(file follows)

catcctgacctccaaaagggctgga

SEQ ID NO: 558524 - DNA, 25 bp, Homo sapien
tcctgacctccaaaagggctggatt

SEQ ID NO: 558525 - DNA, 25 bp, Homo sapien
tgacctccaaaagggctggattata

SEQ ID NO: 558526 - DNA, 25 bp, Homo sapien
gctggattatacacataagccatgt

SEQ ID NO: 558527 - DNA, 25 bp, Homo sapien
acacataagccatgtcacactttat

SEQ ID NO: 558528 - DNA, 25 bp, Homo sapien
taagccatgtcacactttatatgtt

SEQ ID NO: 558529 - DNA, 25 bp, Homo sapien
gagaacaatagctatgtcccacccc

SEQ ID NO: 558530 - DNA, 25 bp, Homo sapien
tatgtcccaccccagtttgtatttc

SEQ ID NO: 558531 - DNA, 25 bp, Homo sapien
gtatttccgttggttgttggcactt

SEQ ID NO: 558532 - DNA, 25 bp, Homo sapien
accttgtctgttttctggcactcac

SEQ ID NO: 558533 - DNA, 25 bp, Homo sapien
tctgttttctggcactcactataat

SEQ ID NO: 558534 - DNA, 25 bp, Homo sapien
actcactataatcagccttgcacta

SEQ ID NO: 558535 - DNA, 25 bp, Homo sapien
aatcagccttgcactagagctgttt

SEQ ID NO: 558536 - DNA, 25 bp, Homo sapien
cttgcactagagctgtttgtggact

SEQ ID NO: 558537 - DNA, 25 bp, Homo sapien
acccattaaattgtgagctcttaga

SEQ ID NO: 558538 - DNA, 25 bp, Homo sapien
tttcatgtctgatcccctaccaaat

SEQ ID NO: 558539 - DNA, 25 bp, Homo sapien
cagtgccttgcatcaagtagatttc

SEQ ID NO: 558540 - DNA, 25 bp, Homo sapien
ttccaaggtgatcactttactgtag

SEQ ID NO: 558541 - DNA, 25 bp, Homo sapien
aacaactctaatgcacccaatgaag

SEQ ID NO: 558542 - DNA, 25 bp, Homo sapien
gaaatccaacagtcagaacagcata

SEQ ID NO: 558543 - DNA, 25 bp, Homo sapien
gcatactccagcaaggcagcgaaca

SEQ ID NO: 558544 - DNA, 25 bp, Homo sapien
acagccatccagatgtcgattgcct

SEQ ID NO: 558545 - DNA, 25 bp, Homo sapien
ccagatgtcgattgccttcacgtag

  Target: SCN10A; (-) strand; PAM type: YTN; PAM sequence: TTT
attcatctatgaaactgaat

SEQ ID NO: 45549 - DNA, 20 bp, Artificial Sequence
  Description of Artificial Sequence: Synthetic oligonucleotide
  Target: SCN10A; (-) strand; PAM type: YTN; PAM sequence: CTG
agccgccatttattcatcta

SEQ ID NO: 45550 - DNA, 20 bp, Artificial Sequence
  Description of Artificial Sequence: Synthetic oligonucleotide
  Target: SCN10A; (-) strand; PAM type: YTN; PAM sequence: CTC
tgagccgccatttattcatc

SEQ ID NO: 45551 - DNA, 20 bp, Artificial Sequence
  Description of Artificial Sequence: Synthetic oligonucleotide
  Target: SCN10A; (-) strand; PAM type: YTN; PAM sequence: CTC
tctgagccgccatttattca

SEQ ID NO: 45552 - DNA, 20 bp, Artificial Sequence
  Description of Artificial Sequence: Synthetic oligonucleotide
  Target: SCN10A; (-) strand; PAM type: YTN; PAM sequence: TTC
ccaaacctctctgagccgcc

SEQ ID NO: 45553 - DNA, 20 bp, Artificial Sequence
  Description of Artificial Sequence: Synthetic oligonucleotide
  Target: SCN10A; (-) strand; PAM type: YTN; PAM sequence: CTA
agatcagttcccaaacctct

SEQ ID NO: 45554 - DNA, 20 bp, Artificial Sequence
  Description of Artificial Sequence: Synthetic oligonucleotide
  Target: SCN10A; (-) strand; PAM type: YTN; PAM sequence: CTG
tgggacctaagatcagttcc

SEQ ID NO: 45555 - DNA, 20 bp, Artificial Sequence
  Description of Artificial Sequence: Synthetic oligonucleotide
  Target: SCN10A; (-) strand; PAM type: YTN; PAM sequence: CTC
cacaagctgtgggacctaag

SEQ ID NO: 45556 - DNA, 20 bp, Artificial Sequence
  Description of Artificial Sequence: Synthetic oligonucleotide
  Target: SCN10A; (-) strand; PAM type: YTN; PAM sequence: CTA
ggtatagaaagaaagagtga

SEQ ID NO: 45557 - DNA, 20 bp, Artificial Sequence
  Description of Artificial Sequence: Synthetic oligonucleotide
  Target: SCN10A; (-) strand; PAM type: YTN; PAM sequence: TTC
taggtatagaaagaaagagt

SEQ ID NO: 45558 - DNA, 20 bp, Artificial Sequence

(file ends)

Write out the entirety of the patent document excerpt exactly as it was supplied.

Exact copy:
catcctgacctccaaaagggctgga

SEQ ID NO: 558524 - DNA, 25 bp, Homo sapien
tcctgacctccaaaagggctggatt

SEQ ID NO: 558525 - DNA, 25 bp, Homo sapien
tgacctccaaaagggctggattata

SEQ ID NO: 558526 - DNA, 25 bp, Homo sapien
gctggattatacacataagccatgt

SEQ ID NO: 558527 - DNA, 25 bp, Homo sapien
acacataagccatgtcacactttat

SEQ ID NO: 558528 - DNA, 25 bp, Homo sapien
taagccatgtcacactttatatgtt

SEQ ID NO: 558529 - DNA, 25 bp, Homo sapien
gagaacaatagctatgtcccacccc

SEQ ID NO: 558530 - DNA, 25 bp, Homo sapien
tatgtcccaccccagtttgtatttc

SEQ ID NO: 558531 - DNA, 25 bp, Homo sapien
gtatttccgttggttgttggcactt

SEQ ID NO: 558532 - DNA, 25 bp, Homo sapien
accttgtctgttttctggcactcac

SEQ ID NO: 558533 - DNA, 25 bp, Homo sapien
tctgttttctggcactcactataat

SEQ ID NO: 558534 - DNA, 25 bp, Homo sapien
actcactataatcagccttgcacta

SEQ ID NO: 558535 - DNA, 25 bp, Homo sapien
aatcagccttgcactagagctgttt

SEQ ID NO: 558536 - DNA, 25 bp, Homo sapien
cttgcactagagctgtttgtggact

SEQ ID NO: 558537 - DNA, 25 bp, Homo sapien
acccattaaattgtgagctcttaga

SEQ ID NO: 558538 - DNA, 25 bp, Homo sapien
tttcatgtctgatcccctaccaaat

SEQ ID NO: 558539 - DNA, 25 bp, Homo sapien
cagtgccttgcatcaagtagatttc

SEQ ID NO: 558540 - DNA, 25 bp, Homo sapien
ttccaaggtgatcactttactgtag

SEQ ID NO: 558541 - DNA, 25 bp, Homo sapien
aacaactctaatgcacccaatgaag

SEQ ID NO: 558542 - DNA, 25 bp, Homo sapien
gaaatccaacagtcagaacagcata

SEQ ID NO: 558543 - DNA, 25 bp, Homo sapien
gcatactccagcaaggcagcgaaca

SEQ ID NO: 558544 - DNA, 25 bp, Homo sapien
acagccatccagatgtcgattgcct

SEQ ID NO: 558545 - DNA, 25 bp, Homo sapien
ccagatgtcgattgccttcacgtag

  Target: SCN10A; (-) strand; PAM type: YTN; PAM sequence: TTT
attcatctatgaaactgaat

SEQ ID NO: 45549 - DNA, 20 bp, Artificial Sequence
  Description of Artificial Sequence: Synthetic oligonucleotide
  Target: SCN10A; (-) strand; PAM type: YTN; PAM sequence: CTG
agccgccatttattcatcta

SEQ ID NO: 45550 - DNA, 20 bp, Artificial Sequence
  Description of Artificial Sequence: Synthetic oligonucleotide
  Target: SCN10A; (-) strand; PAM type: YTN; PAM sequence: CTC
tgagccgccatttattcatc

SEQ ID NO: 45551 - DNA, 20 bp, Artificial Sequence
  Description of Artificial Sequence: Synthetic oligonucleotide
  Target: SCN10A; (-) strand; PAM type: YTN; PAM sequence: CTC
tctgagccgccatttattca

SEQ ID NO: 45552 - DNA, 20 bp, Artificial Sequence
  Description of Artificial Sequence: Synthetic oligonucleotide
  Target: SCN10A; (-) strand; PAM type: YTN; PAM sequence: TTC
ccaaacctctctgagccgcc

SEQ ID NO: 45553 - DNA, 20 bp, Artificial Sequence
  Description of Artificial Sequence: Synthetic oligonucleotide
  Target: SCN10A; (-) strand; PAM type: YTN; PAM sequence: CTA
agatcagttcccaaacctct

SEQ ID NO: 45554 - DNA, 20 bp, Artificial Sequence
  Description of Artificial Sequence: Synthetic oligonucleotide
  Target: SCN10A; (-) strand; PAM type: YTN; PAM sequence: CTG
tgggacctaagatcagttcc

SEQ ID NO: 45555 - DNA, 20 bp, Artificial Sequence
  Description of Artificial Sequence: Synthetic oligonucleotide
  Target: SCN10A; (-) strand; PAM type: YTN; PAM sequence: CTC
cacaagctgtgggacctaag

SEQ ID NO: 45556 - DNA, 20 bp, Artificial Sequence
  Description of Artificial Sequence: Synthetic oligonucleotide
  Target: SCN10A; (-) strand; PAM type: YTN; PAM sequence: CTA
ggtatagaaagaaagagtga

SEQ ID NO: 45557 - DNA, 20 bp, Artificial Sequence
  Description of Artificial Sequence: Synthetic oligonucleotide
  Target: SCN10A; (-) strand; PAM type: YTN; PAM sequence: TTC
taggtatagaaagaaagagt

SEQ ID NO: 45558 - DNA, 20 bp, Artificial Sequence